We should also get rid of “Kwanzaa”, a Marxist-inspired pseudo-African “holiday”, invented by a former member of the “United Slaves” black separatist group of the 1960’s, convicted torturer and “Professor” of Black Studies (or something like that) Ron Karenga. The 7 symbols of Kwanzaa are the identical symbols on the 7-headed snake of the Symbionese Liberation Army (of Patty Hearst fame). No one in any country in Africa celebrates this! I stopped the Kwanzaa nonsense in my classroom when I researched its true origin. Next on the list–Cinco de Mayo, a Chicano–not Mexican–“holiday”. Black, Hispanic, Asian, Native American history is AMERICAN HISTORY.

  5. How about students learning real history for a change – including Black History.

  6. Richard Aubrey says:

    History certainly isn’t a march of heroes…when it’s western civ or US history.
    This is not about history. It’s an attempt by those who feel themselves superior to make blacks feel better about themselves.
    Because, you know, blacks couldn’t possibly feel good about themselves without help from white liberals.

  7. Black History Month as it is, is nothing more than a leftist “holiday” of sorts. As someone who is black, I believe it is pointless precisely because of the nonsense stated in the article. It should be about American history, period. But this article highlights what has happened to education as a whole. It’s devoid of any content, of any facts. It’s anti-intellectual at its core. So you have half-educated teachers who put pop culture figures as symbols of black history. I bet everything I own that none of those “teachers” knows who Fredrick Douglass was. Or who George Washington Carver was and what he did in the field of agricultural science.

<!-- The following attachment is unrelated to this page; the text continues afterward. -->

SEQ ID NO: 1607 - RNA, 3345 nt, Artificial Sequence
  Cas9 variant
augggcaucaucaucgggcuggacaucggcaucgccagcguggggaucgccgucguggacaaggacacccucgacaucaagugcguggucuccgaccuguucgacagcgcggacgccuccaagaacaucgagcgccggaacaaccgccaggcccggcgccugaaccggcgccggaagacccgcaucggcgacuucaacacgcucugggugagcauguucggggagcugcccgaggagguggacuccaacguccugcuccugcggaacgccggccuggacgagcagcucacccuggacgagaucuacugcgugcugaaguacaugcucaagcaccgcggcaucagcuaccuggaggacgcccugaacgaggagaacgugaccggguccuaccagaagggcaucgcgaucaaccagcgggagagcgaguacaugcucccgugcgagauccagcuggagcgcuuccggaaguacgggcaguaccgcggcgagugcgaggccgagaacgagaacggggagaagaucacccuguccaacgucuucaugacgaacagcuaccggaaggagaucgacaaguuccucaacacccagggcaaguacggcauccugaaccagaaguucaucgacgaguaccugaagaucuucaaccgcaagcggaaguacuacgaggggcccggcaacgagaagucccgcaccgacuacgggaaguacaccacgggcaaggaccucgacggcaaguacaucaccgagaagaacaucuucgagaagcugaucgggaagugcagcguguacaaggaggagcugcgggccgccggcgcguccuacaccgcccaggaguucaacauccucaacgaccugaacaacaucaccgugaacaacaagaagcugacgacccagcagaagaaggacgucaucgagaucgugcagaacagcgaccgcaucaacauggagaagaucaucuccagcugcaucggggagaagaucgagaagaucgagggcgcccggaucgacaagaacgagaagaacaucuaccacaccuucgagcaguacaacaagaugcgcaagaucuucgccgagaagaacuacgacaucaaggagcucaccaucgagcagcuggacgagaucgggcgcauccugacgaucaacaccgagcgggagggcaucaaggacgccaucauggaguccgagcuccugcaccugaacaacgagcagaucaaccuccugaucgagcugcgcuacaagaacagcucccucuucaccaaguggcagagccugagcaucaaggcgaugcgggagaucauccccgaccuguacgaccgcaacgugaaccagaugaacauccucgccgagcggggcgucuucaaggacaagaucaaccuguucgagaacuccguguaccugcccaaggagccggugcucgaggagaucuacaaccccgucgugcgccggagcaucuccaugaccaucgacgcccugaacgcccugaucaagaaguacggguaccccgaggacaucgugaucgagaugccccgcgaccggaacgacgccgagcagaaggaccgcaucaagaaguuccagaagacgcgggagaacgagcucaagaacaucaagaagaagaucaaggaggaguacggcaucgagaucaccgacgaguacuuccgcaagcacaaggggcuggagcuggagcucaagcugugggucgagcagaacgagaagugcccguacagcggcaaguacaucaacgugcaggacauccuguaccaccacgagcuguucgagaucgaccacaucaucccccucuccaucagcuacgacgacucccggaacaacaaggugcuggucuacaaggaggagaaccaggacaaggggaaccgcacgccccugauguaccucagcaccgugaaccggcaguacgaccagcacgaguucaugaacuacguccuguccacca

8. George Washington Carver was an accomplished scientist but his advice to his fellow black men was to avoid conflict with whites and do what you’re told. He, like Booker T., embraced accommodation.

    Cinco de Mayo celebrates a wonderful victory against anti-imperialism but it was completely transformed by the large American beer companies. Not one of my students last year who celebrated their Mexican pride on the 5th of May could tell me anything about what happened on that day.

    I would say something about Kwanzaa but I take it as seriously as Festivus.

    The week off we have in February is called Presidents’ Week which I hoped would be changed someday to include Susan B. Anthony who was born on Feb. 15.